There's a whole lot of choice out there when it comes to laptops and 2-in-1 devices, so the smallest of misjudged design decisions can be costly. Although we rather liked the look of the HP Pavilion x2 - and have been even more impressed by the company's Intel Core M-based Envy x2 devices on show at the Intel Developers Conference 2014 - it's got issues with an over-glossy screen.

Which is a shame, as the straightforward layout of the HP Pavilion x2 13-p110nr - to give it the full and unduly complex name - works just fine. The 13.3-inch screen is easily detached to operate as a standalone tablet from the keyboard dock via the press of a button, as has become standard for many 2-in-1 devices.

Arguably a 13.3-inch panel is large for tablet use, while in this instance the 1366 x 768 pixel resolution is insignificant in a high-definion market. Saying that, it looked just fine in terms of colour and punch, but the glossy surface - and we can't really stress this enough - made seeing the screen incredibly difficult in normal indoor daylight conditions. That countered the IPS panel's otherwise wide angle of view to some degree.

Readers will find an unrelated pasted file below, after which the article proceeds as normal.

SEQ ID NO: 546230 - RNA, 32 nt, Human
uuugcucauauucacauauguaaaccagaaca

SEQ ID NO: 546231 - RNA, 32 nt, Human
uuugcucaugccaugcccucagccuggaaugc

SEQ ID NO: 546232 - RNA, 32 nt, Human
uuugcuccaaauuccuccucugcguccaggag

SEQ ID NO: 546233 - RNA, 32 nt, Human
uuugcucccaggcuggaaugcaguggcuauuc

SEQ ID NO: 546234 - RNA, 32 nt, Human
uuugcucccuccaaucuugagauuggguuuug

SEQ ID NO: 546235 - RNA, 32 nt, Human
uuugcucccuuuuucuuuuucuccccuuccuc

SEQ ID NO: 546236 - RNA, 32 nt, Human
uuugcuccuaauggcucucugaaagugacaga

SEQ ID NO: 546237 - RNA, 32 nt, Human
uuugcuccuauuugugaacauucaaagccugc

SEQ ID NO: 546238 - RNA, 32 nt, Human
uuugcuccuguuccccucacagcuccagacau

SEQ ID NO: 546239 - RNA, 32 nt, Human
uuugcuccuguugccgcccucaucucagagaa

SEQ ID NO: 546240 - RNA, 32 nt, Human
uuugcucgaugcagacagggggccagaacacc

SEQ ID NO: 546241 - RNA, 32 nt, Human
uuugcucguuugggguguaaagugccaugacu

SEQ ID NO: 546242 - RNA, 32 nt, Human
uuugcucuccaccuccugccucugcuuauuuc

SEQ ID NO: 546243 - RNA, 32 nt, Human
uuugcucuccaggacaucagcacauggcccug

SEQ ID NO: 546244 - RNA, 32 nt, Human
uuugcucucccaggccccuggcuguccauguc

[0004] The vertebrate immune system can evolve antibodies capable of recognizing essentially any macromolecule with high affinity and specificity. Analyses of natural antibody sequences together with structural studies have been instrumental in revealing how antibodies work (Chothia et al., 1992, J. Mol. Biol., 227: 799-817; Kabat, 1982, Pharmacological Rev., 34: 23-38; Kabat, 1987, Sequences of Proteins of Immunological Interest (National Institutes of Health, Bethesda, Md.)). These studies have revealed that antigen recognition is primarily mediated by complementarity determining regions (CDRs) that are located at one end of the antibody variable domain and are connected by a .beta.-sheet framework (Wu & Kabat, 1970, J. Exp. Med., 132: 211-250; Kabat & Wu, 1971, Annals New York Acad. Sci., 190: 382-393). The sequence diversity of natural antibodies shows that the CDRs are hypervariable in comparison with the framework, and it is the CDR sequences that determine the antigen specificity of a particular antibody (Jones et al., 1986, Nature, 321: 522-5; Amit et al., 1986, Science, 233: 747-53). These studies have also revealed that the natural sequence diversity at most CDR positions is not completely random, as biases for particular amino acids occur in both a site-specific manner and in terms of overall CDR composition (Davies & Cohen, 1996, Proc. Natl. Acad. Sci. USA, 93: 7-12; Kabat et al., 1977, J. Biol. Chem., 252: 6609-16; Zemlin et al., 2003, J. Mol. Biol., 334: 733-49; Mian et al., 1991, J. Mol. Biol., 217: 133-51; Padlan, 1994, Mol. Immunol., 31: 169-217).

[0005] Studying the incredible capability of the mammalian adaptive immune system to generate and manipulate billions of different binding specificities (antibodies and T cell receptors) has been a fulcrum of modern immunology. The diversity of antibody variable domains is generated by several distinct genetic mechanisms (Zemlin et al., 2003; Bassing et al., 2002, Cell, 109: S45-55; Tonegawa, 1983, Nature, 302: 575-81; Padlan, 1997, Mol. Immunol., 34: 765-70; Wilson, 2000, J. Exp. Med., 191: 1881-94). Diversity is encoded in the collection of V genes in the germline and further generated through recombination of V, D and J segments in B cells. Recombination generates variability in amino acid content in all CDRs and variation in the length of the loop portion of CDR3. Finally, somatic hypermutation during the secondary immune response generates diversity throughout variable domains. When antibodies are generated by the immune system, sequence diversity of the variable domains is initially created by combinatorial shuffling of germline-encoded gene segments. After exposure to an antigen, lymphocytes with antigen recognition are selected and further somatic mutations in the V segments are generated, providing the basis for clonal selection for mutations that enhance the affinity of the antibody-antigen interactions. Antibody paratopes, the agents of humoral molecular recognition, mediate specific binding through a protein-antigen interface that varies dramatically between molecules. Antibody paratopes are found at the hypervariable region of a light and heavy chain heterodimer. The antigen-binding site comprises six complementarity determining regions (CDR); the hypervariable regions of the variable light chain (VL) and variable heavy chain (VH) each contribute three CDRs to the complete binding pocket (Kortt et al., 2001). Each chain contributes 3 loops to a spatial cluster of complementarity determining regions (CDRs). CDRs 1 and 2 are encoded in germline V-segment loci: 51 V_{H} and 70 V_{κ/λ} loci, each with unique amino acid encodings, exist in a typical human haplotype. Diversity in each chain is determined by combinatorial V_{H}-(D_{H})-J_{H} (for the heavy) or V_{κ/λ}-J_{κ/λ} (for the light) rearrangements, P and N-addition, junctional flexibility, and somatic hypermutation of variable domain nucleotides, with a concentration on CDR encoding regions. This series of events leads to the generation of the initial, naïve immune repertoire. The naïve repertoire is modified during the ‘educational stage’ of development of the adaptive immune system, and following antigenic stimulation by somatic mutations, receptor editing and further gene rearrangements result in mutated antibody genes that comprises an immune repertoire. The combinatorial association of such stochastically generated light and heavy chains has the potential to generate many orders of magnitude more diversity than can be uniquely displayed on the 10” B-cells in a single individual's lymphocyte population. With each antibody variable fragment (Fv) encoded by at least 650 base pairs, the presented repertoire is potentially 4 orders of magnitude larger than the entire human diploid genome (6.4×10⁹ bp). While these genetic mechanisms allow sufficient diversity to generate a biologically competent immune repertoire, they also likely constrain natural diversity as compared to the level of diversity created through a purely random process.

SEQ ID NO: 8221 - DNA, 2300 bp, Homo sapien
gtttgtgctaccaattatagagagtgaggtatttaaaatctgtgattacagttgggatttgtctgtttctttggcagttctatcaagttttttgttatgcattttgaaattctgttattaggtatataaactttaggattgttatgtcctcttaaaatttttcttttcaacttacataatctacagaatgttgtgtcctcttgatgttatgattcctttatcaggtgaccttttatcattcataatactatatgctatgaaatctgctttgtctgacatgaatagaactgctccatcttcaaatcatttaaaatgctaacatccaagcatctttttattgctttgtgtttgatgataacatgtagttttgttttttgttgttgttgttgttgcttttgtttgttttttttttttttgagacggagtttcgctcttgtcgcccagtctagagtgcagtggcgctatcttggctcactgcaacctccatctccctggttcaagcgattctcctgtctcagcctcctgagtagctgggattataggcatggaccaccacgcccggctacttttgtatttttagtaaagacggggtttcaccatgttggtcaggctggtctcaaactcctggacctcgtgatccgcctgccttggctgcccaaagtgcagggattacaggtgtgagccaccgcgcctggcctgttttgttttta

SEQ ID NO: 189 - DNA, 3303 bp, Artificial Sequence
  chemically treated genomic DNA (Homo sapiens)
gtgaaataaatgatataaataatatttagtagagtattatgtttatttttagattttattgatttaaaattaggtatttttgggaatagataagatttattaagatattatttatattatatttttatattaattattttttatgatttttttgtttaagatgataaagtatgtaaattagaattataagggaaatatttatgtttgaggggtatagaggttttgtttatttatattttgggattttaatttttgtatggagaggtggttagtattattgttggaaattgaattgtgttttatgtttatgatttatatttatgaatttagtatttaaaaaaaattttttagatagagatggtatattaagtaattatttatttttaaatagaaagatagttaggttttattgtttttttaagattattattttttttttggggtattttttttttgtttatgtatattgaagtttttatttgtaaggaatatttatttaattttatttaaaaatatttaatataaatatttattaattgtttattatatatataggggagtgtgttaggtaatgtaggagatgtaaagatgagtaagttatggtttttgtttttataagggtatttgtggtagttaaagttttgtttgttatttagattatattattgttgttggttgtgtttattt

It's rare to see a screen with such reflective qualities these days, and it made photographing the Pavilion that extra bit trickier than normal.

Under the hood the Pavilion x2 comes loaded with an Intel Core i3 processor, 3GB RAM and Intel HD Graphics 4200. Add a 128GB SSD drive, Windows 8.1 and a touch-sensitive screen and the spec of this device reads rather well.

Dimensions and weight aren't ultra-thin or light but do the job. At 11.2mm thick as a tablet (and 25mm with the keyboard dock attached and closed) and with a 2.2kgs it's not an ultra-light device, but with good reason: there's a battery in both the slate and the keyboard dock to provide extended use. Not that we tinkered with the device for more than a couple of minutes in the context of its IDF show stand.

If it was available with a matte finish - and we can't see the option on HP's website - then we'd have far more positive things to say about the Pavilion x2. It gets plenty right, bar that excessive gloss screen.